As reviewed by Funk and Omland [11], species paraphyly is more prevalent than previously thought, occurring in approximately one out of every five species surveyed. Likewise, a number of studies to date that have focused on species boundaries in other mygalomorph taxa have uncovered species non-exclusivity [14], [24], [50] further suggesting that it is actually quite common. As discussed above, we discard the supposition that these data falsify the species hypotheses for M. coreyi and M. howelli. However, the species hypotheses with respect to the composition of M. torreya and M. millerae do require further examination. One obvious alternative is that these lineages comprise a set of cryptic species. Without question, one of the principal outcomes stemming from the assessment of species boundaries in light of DNA sequence data is the prevalence of morphologically indistinguishable lineages that are allopatric and likely reproductively isolated and thus qualify as cryptic sibling species [51][54]. First, it is our hypothesis that M. torreya lineage does not comprise cryptic species. Elevating all M. torreya lineages that are at comparable phylogenetic levels to M. coreyi would result in five additional species. Given the relatively shallow levels of divergence across these lineages in both the mitochondrial and nuclear data sets and the general lack of geographical concordance throughout the M. torreya clade, it is our opinion that such a hierarchical driven recalibration of species boundaries would be flawed. However, sampling of additional nuclear markers (e.g., microsatellites) to quantitatively assess population parameters like gene flow would be necessary to fully test the hypothesis that M. torreya comprises a single cohesive species. That said, the general lack of geographical concordance within these six lineages is consistent with a hypothesis of recent gene flow across populations indicating that a sufficient period has not elapsed to sort ancestral polymorphisms. And, while a similar recalibration would not have the same drastic effect on the M. millerae lineages (only one additional species need be recognized), the geographical sampling across this species is insufficient to warrant additional nominal species. For the time being it would seem justified to retain M. millerae and M. torreya as paraphyletic species as these hypotheses embrace the budding nature of speciation and recognize the potentially rapid rate at which genitalia can evolve as a consequence of SSFC-SC (see discussion above). We have generally applied the logic for species delimitation outlined by Bond and Stockman [14] and Wiens and Penkrot [23] that weigh geographical concordance among lineages as a first test of cryptic species boundaries.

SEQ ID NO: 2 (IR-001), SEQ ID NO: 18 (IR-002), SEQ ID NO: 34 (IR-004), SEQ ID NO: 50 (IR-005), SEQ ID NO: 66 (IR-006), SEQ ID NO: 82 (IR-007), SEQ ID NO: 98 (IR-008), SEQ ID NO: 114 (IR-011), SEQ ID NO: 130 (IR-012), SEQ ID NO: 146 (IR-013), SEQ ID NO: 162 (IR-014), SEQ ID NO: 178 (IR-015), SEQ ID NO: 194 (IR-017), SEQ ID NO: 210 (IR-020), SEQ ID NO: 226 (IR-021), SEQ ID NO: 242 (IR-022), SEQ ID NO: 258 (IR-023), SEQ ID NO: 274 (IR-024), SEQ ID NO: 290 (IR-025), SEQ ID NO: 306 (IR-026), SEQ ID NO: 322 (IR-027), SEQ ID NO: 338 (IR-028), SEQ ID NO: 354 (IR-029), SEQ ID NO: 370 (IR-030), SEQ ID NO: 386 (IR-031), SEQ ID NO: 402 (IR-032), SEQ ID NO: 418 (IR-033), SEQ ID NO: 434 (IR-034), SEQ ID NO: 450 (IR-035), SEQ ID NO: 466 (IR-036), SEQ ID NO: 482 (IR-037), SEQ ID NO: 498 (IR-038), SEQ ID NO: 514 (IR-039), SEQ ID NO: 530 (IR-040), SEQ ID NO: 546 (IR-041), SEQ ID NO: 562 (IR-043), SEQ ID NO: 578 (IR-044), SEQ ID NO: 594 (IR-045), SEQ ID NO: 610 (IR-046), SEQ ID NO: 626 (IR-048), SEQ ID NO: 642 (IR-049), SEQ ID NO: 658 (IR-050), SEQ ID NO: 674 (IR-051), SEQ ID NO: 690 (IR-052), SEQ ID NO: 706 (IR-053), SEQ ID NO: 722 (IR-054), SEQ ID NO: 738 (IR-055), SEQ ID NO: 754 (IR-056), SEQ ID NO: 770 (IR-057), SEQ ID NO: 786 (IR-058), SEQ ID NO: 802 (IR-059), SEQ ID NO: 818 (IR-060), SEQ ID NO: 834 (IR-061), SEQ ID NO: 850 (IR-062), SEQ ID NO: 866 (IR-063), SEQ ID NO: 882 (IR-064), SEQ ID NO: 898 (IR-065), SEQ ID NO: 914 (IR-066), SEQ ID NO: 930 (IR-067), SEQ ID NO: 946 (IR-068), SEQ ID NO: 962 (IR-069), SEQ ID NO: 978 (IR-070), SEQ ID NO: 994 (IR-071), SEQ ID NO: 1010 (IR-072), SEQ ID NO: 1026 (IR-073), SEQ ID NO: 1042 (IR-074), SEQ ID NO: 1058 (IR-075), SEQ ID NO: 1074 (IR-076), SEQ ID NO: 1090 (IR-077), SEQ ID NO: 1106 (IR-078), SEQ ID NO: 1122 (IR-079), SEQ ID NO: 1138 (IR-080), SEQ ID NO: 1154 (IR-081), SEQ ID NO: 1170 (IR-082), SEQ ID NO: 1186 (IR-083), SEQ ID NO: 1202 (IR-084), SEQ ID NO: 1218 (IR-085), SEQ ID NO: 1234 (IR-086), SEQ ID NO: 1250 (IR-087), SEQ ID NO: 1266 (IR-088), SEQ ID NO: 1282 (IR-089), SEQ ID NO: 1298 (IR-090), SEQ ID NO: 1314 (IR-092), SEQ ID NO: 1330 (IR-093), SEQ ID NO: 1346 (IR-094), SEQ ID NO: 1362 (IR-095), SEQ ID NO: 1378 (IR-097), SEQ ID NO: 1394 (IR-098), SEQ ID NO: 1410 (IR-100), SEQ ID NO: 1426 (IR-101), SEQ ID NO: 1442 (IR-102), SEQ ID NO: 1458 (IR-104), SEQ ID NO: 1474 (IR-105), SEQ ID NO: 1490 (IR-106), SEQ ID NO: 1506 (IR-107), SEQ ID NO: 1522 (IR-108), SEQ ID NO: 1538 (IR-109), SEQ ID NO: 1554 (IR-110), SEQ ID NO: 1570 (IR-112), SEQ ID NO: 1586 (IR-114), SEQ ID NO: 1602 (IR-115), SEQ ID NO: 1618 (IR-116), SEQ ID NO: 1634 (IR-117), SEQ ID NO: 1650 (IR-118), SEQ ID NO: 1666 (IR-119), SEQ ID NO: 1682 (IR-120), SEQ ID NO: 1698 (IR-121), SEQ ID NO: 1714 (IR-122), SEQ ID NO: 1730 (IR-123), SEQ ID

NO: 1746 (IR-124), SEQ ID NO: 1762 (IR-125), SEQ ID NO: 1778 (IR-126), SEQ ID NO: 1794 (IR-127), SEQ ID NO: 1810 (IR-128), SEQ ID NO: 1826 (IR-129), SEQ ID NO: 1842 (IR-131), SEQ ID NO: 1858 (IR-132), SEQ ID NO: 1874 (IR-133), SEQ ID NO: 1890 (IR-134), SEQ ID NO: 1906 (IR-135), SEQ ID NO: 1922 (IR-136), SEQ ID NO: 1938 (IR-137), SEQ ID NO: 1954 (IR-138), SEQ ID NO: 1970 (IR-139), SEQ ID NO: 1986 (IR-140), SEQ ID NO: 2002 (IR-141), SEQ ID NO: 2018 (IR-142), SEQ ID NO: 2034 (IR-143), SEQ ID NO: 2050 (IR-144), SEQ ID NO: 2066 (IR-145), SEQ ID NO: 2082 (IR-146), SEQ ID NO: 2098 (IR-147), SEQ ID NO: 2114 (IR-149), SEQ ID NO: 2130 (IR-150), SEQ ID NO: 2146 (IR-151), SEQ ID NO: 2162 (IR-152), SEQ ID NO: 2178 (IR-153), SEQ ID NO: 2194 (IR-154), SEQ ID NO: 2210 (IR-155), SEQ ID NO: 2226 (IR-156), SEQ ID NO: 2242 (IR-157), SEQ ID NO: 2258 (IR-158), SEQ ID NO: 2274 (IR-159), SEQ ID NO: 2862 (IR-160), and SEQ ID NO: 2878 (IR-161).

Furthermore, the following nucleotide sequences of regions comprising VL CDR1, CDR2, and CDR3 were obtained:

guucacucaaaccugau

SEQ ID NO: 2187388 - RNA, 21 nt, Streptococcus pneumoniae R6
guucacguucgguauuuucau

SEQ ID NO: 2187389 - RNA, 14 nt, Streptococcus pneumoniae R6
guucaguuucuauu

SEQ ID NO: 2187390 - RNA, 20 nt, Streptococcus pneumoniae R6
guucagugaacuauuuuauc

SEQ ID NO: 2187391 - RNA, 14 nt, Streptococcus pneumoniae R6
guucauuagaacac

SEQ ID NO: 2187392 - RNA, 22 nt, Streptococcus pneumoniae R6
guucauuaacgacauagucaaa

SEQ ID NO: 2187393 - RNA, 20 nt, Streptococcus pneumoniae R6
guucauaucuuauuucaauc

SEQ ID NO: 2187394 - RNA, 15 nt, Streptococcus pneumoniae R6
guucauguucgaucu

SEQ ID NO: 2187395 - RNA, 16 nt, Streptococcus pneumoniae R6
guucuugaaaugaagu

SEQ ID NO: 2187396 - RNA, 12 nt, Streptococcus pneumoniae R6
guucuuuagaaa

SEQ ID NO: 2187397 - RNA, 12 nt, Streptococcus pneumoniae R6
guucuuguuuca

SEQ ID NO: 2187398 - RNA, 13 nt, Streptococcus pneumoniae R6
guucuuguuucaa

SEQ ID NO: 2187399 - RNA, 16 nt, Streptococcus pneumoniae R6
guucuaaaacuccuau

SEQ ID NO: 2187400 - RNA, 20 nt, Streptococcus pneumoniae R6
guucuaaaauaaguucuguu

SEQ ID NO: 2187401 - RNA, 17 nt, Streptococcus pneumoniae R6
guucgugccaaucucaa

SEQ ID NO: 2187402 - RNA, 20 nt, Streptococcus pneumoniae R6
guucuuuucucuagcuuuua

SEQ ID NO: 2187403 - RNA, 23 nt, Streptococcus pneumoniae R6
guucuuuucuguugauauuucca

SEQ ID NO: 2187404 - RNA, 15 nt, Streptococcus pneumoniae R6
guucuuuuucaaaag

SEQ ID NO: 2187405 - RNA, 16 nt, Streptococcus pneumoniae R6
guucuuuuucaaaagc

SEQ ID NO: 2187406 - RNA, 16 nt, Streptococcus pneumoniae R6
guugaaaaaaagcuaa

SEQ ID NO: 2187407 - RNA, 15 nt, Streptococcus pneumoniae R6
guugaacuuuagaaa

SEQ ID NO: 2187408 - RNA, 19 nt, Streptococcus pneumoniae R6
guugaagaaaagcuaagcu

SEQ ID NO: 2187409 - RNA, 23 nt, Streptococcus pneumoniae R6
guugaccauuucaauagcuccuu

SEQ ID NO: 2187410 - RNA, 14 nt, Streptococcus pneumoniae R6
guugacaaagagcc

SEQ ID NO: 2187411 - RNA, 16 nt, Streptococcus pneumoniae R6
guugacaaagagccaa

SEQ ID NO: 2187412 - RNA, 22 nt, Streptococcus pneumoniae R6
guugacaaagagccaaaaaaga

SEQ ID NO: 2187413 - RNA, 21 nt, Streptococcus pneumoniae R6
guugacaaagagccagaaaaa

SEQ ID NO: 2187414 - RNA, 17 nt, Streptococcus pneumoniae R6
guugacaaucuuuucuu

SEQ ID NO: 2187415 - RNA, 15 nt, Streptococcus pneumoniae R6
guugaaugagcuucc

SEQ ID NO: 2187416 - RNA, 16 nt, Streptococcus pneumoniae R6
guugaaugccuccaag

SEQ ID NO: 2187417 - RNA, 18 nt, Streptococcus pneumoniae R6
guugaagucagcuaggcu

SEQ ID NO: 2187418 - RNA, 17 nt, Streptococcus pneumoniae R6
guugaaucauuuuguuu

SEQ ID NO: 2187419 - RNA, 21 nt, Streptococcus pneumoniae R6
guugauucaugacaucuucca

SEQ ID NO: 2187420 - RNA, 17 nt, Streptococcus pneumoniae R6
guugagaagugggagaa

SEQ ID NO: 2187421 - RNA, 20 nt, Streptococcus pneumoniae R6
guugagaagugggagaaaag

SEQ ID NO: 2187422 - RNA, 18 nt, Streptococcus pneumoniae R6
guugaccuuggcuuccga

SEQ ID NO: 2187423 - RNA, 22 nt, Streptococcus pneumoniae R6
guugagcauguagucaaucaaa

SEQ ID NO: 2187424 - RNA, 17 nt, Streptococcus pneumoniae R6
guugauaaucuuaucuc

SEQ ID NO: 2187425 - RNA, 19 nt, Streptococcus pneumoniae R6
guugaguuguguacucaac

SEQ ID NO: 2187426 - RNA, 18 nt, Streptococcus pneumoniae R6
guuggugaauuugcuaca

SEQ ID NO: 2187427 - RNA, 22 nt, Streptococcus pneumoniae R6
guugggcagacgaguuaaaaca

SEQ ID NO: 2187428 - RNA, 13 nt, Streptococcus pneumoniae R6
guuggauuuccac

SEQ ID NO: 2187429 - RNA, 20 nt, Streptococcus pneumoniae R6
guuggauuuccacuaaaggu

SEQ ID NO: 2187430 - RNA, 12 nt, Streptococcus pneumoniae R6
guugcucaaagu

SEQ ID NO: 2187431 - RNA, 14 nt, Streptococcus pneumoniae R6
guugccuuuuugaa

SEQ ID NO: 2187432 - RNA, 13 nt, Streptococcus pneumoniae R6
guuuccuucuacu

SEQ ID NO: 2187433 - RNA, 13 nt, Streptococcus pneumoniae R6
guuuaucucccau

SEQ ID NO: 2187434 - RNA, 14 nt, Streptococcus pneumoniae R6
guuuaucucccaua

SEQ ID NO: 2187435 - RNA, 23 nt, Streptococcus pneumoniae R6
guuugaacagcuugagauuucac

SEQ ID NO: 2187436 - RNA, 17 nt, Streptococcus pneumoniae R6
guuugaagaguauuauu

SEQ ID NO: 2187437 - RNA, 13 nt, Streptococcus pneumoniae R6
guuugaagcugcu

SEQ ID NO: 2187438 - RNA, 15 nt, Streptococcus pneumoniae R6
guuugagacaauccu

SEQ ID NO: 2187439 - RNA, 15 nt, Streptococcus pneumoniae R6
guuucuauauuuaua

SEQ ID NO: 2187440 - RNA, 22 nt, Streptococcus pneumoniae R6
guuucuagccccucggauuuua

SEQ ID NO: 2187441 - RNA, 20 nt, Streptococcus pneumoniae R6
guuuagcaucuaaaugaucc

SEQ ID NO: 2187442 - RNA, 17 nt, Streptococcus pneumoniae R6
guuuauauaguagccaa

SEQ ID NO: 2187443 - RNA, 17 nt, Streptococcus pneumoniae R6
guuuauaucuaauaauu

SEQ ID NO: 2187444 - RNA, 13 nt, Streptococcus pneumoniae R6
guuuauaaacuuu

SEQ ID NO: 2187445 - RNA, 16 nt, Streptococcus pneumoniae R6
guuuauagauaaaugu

Our results further exemplify the shortcomings of taking an exclusively molecular or lineage-based approach to species delimitation. Although the mtDNA gene sequences analyzed for this study are not from the barcoding region (i.e., coxI), 12S/16S data have proven to be an effective marker for species level studies in a number of spider groups [14], [21], [24], [55][57] and may be the superior marker (relatively speaking) for spiders [35] and other taxa (e.g., corals [58]). Nevertheless, the same caveats apply to species constructs based on these markers (albeit linked as part of the mitochondrial “gene” to the barcoding region). With regards to DNA barcoding/taxonomy for Myrmekiaphila species, a few general observations can be made concerning the adequacy of these data:

  1. The 12S/16S sequences employed are inadequate for species discovery within the genus. Given the degree of paraphyly observed in these analyses (for at least two of the species), species boundaries based on a lineage/phylogenetic or DNA-profile approach fail to recognize all of the species that comprise this genus.
  2. As has been already demonstrated in other metazoan taxa [59] there is unequivocally no barcoding “gap” in these data (Figure 5). That is, it is not possible to formulate a metric of DNA divergence for this group that would consistently recover species boundaries. Varying rates of molecular and morphological evolution within this group obfuscate any such signal in these data. Such an observation is not endemic to this group.